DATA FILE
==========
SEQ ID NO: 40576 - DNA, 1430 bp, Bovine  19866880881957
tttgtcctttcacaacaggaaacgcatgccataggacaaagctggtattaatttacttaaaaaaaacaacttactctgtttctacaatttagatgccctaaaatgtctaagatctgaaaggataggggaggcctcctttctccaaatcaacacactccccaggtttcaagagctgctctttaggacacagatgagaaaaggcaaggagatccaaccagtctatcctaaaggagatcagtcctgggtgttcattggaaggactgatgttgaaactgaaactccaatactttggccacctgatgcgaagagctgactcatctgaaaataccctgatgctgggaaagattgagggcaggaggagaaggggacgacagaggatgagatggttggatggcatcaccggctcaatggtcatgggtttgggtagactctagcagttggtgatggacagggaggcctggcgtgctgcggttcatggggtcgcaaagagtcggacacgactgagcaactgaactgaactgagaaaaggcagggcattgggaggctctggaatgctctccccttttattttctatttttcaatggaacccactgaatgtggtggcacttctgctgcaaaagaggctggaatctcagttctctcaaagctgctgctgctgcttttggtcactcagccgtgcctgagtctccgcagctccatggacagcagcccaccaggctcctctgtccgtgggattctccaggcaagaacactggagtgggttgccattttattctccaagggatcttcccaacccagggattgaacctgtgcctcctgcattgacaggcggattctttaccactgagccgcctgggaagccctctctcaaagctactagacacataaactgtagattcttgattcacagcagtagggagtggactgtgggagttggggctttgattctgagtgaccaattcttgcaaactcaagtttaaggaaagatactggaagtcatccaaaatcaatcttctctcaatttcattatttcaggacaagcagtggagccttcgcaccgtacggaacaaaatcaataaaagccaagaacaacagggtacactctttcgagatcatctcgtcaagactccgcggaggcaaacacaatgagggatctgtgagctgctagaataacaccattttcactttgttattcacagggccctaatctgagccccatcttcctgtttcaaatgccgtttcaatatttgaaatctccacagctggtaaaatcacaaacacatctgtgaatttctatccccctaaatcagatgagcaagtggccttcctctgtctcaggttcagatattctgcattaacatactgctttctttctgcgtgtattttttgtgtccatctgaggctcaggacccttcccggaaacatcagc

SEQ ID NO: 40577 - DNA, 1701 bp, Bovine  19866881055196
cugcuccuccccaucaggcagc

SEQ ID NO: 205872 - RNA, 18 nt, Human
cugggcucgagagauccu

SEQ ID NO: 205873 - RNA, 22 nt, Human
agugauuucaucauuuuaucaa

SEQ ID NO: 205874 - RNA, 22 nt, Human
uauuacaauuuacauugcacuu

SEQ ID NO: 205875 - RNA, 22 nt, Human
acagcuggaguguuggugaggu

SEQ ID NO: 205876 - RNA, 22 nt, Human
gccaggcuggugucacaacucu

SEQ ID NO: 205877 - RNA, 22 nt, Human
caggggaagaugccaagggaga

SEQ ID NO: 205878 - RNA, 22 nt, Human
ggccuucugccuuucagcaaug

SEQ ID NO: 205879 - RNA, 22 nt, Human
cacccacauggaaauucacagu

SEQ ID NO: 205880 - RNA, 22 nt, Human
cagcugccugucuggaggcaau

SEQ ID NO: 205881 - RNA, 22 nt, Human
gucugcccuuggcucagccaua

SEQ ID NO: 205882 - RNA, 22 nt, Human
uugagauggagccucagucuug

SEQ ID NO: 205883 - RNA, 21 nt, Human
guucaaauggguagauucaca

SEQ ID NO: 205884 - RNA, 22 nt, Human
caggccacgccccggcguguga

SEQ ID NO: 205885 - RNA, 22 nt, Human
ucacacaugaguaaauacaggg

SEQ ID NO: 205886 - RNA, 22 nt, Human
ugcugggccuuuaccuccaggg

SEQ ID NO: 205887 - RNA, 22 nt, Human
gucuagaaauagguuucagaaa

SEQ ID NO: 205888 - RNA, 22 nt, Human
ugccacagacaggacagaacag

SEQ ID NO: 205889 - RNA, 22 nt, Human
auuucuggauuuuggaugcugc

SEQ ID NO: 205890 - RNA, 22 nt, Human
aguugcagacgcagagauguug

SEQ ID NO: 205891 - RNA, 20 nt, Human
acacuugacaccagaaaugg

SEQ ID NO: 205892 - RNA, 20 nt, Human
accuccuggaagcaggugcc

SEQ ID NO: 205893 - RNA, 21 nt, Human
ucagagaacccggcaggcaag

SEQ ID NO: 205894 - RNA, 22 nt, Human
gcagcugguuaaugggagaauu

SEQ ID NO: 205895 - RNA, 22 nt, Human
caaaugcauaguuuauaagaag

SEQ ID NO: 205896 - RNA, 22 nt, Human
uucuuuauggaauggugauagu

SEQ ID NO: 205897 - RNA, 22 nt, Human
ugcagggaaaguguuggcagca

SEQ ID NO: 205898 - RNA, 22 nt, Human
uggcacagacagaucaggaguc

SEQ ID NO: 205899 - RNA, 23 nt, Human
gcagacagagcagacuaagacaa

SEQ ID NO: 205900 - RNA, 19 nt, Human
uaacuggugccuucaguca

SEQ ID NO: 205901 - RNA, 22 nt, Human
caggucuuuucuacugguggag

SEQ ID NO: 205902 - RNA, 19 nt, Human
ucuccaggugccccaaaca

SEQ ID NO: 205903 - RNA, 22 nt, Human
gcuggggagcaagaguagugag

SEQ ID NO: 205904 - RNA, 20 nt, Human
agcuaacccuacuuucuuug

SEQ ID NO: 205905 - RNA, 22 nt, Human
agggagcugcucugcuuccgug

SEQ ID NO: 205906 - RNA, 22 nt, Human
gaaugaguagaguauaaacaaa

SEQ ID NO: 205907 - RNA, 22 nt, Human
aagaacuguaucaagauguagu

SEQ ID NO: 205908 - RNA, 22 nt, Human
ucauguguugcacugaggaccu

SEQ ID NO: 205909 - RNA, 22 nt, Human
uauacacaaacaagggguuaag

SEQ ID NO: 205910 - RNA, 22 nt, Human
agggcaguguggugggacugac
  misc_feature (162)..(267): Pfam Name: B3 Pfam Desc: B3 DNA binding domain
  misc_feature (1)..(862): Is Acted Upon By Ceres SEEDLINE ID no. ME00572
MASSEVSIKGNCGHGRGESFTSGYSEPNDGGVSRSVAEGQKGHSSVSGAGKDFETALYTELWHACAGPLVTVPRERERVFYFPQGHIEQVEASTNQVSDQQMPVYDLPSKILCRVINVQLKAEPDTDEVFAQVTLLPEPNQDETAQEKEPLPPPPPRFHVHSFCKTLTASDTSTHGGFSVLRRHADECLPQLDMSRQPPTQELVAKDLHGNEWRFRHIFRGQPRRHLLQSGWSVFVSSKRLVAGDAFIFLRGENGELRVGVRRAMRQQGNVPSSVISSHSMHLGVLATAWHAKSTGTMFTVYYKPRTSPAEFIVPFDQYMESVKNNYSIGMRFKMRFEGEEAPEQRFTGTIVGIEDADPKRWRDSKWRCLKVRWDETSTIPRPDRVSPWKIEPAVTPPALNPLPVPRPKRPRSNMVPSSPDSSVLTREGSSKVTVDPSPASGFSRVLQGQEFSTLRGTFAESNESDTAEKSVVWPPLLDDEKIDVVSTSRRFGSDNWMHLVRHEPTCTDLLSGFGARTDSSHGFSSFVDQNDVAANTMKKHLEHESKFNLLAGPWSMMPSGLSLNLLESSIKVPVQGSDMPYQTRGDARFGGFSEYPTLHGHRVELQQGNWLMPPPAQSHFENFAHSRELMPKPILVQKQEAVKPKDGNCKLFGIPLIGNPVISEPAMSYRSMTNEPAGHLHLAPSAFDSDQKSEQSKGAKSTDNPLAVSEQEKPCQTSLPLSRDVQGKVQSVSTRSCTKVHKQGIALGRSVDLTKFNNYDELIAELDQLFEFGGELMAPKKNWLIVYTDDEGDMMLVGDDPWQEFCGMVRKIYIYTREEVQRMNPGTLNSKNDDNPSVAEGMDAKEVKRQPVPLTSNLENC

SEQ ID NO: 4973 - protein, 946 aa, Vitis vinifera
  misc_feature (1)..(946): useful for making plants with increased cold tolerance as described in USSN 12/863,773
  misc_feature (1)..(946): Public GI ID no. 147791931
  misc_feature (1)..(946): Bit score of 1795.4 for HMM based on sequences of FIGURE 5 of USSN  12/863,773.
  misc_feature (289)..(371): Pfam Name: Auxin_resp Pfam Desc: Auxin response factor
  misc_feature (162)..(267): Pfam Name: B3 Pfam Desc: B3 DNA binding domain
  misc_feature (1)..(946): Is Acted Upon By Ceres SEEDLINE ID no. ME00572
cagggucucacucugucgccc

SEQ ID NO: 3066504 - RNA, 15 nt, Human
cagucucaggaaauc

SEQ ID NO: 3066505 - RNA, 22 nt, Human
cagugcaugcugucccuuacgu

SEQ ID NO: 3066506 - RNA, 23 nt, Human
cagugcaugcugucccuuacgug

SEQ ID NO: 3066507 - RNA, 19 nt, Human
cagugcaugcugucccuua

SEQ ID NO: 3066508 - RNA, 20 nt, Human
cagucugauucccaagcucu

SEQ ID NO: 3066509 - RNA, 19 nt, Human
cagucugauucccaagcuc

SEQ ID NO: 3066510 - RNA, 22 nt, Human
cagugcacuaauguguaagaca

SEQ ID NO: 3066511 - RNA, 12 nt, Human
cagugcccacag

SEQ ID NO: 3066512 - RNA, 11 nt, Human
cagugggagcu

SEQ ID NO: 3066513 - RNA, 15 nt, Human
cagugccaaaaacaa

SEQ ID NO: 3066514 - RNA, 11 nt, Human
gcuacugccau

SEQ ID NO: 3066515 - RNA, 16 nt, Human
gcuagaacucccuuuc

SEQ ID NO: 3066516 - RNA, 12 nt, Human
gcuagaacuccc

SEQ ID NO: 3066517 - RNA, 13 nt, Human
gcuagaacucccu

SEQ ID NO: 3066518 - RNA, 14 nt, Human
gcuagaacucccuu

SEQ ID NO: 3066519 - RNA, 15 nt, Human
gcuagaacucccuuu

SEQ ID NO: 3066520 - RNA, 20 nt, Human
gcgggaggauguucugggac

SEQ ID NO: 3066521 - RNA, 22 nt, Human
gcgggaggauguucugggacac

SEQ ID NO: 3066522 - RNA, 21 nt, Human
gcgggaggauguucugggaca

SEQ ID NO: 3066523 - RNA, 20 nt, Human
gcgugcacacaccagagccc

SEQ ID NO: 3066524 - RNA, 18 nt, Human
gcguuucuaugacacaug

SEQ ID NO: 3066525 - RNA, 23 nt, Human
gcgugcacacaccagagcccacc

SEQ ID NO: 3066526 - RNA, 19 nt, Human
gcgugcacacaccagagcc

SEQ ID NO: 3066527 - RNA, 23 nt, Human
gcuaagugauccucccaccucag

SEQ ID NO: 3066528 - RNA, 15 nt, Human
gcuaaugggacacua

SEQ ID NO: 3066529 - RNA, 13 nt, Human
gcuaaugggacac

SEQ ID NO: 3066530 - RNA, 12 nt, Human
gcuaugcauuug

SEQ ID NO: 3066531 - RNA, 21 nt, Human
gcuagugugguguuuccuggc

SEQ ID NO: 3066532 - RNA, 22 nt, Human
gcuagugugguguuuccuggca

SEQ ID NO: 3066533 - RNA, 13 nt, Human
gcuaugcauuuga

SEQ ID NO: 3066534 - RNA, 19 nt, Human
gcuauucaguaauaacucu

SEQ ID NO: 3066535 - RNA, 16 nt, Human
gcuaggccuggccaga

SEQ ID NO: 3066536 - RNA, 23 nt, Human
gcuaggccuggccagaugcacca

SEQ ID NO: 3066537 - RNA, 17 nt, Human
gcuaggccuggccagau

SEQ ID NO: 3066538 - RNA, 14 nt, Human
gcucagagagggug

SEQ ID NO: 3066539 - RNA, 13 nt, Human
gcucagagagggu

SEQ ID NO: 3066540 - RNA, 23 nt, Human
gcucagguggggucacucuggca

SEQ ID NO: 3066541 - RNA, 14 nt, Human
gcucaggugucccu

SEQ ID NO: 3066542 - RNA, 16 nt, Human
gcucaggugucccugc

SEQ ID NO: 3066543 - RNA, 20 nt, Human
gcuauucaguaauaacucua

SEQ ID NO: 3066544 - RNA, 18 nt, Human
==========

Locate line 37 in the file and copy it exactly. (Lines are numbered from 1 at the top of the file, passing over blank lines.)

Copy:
SEQ ID NO: 205888 - RNA, 22 nt, Human